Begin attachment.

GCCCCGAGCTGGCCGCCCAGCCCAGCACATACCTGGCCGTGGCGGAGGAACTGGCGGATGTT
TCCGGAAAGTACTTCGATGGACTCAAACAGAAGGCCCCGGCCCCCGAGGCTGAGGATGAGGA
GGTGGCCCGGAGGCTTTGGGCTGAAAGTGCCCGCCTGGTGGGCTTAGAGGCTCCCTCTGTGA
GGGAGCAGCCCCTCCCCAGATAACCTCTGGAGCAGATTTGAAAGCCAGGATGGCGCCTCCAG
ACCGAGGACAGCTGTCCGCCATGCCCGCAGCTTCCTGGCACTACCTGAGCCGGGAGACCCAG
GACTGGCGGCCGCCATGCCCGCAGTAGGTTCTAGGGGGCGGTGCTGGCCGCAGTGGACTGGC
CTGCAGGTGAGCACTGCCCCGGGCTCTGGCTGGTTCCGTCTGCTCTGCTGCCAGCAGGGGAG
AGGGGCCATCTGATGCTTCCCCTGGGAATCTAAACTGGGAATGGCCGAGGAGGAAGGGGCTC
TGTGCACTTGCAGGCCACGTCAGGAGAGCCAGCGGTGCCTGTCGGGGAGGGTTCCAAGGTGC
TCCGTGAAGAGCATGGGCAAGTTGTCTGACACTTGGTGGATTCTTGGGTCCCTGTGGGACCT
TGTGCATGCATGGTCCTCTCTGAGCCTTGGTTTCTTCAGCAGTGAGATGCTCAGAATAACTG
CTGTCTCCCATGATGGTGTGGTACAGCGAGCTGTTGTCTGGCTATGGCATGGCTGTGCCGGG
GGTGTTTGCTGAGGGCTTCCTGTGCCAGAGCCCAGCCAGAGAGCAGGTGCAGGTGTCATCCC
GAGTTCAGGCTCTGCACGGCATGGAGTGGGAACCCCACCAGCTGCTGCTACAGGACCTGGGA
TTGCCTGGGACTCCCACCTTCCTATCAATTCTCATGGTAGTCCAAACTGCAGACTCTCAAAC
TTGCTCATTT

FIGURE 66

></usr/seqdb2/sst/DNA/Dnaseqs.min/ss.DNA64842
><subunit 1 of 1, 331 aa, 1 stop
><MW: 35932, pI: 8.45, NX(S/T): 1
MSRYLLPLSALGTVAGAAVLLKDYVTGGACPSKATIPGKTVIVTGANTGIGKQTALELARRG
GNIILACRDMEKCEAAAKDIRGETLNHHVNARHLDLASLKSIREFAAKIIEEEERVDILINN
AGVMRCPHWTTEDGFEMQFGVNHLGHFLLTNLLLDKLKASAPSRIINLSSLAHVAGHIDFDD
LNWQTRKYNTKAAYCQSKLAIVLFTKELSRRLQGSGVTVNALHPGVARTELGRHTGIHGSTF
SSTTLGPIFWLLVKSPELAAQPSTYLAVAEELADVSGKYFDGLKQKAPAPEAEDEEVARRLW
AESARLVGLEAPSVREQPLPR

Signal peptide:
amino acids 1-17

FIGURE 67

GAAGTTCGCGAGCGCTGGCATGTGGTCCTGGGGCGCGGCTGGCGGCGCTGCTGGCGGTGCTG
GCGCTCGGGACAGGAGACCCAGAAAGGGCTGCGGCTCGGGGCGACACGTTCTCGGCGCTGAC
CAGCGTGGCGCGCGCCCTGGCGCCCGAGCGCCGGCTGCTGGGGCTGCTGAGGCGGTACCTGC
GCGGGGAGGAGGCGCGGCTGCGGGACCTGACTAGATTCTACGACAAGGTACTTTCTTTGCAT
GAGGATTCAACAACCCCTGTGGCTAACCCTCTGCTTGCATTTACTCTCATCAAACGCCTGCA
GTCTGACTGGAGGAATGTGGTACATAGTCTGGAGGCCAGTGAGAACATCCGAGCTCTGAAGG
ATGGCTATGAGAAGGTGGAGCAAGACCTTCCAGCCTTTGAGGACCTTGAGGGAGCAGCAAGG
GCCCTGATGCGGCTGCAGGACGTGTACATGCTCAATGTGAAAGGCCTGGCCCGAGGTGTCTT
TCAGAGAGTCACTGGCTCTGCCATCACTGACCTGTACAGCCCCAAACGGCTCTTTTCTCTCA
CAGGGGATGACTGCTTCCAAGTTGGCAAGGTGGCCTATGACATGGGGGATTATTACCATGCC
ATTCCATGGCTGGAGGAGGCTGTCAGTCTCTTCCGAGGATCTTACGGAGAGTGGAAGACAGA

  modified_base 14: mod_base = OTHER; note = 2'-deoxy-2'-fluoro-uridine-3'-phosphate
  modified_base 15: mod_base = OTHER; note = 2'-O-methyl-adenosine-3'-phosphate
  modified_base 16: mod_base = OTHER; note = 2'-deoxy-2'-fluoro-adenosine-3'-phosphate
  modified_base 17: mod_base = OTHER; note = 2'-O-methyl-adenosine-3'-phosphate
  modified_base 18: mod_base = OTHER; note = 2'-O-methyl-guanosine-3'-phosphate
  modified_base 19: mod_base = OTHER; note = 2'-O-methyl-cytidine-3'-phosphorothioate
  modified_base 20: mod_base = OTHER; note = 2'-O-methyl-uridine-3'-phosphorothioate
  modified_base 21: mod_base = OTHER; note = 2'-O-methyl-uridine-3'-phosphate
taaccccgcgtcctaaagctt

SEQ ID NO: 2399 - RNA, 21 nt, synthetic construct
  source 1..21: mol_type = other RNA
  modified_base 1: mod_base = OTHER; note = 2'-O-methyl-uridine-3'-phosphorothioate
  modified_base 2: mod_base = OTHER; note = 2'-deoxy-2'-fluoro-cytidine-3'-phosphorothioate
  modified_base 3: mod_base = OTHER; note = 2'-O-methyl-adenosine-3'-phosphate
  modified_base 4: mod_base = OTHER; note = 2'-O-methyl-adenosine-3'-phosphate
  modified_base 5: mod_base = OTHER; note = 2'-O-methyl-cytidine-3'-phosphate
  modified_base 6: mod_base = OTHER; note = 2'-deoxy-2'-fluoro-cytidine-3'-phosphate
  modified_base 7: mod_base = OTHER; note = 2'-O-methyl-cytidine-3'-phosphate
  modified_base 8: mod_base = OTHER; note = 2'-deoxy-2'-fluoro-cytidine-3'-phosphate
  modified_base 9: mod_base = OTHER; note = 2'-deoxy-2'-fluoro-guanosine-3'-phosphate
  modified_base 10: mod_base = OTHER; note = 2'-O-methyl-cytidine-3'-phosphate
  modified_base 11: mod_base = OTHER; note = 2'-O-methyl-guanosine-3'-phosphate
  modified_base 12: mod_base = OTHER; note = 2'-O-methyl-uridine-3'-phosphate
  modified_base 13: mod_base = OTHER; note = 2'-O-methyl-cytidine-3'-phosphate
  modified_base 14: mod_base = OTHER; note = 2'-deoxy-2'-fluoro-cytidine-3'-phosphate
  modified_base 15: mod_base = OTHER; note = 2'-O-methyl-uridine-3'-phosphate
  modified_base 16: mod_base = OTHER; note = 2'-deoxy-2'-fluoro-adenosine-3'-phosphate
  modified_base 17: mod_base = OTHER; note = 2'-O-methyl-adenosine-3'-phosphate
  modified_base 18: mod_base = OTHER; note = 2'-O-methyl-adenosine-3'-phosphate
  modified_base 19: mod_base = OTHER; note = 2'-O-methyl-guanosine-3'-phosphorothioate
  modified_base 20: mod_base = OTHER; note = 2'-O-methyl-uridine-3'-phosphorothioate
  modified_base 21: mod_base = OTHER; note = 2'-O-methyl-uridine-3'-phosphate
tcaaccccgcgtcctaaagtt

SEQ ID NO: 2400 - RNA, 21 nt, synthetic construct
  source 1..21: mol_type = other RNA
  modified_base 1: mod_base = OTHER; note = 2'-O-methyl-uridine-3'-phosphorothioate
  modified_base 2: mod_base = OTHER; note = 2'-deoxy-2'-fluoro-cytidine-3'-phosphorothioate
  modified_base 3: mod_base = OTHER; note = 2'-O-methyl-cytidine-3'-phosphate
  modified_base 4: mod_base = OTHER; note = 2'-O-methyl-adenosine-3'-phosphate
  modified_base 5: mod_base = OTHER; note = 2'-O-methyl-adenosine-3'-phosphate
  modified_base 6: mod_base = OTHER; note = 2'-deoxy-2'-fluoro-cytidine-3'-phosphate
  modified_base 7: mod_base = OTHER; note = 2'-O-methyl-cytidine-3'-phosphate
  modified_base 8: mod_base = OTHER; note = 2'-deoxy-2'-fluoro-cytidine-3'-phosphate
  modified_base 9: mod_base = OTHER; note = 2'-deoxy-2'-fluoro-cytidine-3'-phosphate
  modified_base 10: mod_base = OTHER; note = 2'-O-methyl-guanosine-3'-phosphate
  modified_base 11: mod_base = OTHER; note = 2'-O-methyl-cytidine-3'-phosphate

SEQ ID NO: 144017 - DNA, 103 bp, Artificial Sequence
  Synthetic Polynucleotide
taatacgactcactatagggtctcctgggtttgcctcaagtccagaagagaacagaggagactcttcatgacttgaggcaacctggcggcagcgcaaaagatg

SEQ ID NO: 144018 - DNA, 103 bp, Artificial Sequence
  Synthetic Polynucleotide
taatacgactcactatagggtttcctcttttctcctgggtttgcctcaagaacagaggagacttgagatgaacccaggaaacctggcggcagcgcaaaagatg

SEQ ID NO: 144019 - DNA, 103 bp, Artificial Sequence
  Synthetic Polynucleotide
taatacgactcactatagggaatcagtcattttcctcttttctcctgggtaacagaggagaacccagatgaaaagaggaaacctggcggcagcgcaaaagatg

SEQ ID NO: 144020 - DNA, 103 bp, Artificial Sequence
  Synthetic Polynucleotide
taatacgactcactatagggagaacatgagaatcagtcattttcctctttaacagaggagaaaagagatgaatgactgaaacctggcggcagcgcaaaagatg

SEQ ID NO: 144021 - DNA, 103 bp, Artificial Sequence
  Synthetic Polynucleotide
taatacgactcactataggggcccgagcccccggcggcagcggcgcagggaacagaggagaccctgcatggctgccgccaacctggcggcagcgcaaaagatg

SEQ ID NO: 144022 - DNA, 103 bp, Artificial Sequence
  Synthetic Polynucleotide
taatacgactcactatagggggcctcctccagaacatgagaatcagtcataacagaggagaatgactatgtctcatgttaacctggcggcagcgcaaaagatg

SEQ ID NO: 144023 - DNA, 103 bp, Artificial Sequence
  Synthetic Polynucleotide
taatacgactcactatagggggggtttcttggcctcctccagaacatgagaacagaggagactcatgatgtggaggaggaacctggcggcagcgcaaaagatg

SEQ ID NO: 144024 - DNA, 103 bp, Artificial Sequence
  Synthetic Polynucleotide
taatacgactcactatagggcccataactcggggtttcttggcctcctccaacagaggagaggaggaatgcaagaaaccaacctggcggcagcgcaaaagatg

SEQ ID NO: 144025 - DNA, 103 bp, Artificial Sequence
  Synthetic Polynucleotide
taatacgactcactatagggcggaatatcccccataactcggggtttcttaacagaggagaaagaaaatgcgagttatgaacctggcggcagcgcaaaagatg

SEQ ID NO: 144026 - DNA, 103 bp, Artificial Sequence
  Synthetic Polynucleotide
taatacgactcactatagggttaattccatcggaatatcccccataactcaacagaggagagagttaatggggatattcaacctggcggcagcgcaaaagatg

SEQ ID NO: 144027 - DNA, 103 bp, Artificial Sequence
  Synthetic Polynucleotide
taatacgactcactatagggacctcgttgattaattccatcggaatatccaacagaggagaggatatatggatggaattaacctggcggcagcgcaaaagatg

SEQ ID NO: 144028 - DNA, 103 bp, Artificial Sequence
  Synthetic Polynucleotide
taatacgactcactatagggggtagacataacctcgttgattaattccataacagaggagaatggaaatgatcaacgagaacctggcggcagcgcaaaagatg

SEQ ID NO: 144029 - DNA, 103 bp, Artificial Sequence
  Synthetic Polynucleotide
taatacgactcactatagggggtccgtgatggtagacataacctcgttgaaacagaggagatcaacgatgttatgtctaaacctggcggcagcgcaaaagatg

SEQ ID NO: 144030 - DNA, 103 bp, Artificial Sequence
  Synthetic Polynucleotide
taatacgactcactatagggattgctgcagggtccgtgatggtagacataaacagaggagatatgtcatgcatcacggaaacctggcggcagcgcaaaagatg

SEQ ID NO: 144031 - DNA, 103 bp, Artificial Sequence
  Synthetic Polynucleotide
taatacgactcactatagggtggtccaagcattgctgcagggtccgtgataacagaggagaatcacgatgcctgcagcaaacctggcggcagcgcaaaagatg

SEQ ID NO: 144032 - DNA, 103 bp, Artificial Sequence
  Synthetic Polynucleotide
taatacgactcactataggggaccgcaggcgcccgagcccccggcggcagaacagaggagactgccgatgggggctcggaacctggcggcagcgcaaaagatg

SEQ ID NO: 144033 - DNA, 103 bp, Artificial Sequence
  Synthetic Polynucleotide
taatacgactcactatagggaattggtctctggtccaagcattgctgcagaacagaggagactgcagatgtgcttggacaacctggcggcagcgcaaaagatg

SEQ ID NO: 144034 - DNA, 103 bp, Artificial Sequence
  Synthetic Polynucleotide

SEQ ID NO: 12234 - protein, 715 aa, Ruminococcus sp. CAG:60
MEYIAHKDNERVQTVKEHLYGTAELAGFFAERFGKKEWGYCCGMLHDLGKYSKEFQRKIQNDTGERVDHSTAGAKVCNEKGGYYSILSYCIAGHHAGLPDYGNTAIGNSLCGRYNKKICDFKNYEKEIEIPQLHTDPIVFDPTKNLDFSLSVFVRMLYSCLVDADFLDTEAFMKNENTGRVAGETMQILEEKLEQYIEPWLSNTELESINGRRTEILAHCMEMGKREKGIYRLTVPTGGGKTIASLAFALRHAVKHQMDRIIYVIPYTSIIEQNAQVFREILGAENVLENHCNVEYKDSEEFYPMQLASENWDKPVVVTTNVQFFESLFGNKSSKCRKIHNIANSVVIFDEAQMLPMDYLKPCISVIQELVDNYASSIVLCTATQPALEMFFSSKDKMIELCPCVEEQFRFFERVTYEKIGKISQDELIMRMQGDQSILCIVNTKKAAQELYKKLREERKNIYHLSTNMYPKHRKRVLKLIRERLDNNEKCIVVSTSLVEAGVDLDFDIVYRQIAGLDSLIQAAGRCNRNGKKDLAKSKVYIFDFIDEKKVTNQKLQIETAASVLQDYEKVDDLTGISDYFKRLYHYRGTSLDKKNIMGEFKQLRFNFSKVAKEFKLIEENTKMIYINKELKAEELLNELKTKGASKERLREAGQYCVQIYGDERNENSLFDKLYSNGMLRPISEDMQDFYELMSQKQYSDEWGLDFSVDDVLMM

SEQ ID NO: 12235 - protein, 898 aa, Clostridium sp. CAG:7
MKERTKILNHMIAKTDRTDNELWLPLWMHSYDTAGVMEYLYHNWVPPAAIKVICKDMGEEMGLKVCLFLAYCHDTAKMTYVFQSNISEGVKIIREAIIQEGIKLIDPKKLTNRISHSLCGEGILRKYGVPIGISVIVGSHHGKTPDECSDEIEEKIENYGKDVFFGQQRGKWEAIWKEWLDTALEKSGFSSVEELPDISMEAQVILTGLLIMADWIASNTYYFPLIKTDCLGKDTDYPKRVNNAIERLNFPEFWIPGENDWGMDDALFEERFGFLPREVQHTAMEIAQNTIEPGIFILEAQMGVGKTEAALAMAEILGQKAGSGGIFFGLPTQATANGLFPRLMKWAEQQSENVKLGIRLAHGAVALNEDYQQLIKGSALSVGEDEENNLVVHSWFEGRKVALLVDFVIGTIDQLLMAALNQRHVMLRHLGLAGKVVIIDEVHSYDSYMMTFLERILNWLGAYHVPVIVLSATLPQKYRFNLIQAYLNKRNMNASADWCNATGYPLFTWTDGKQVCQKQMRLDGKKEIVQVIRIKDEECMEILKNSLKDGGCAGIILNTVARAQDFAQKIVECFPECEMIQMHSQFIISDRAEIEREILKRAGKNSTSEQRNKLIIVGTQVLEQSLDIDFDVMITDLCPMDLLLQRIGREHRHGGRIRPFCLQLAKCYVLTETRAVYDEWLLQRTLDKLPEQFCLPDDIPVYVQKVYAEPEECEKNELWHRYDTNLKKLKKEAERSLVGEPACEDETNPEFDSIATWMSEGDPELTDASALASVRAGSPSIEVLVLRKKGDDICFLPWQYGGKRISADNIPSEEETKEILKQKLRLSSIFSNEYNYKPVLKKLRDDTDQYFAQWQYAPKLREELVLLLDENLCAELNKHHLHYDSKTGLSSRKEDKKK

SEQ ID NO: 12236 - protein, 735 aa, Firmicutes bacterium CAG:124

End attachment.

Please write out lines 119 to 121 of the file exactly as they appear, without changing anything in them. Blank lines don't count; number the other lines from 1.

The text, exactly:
taatacgactcactatagggacctcgttgattaattccatcggaatatccaacagaggagaggatatatggatggaattaacctggcggcagcgcaaaagatg

SEQ ID NO: 144028 - DNA, 103 bp, Artificial Sequence
  Synthetic Polynucleotide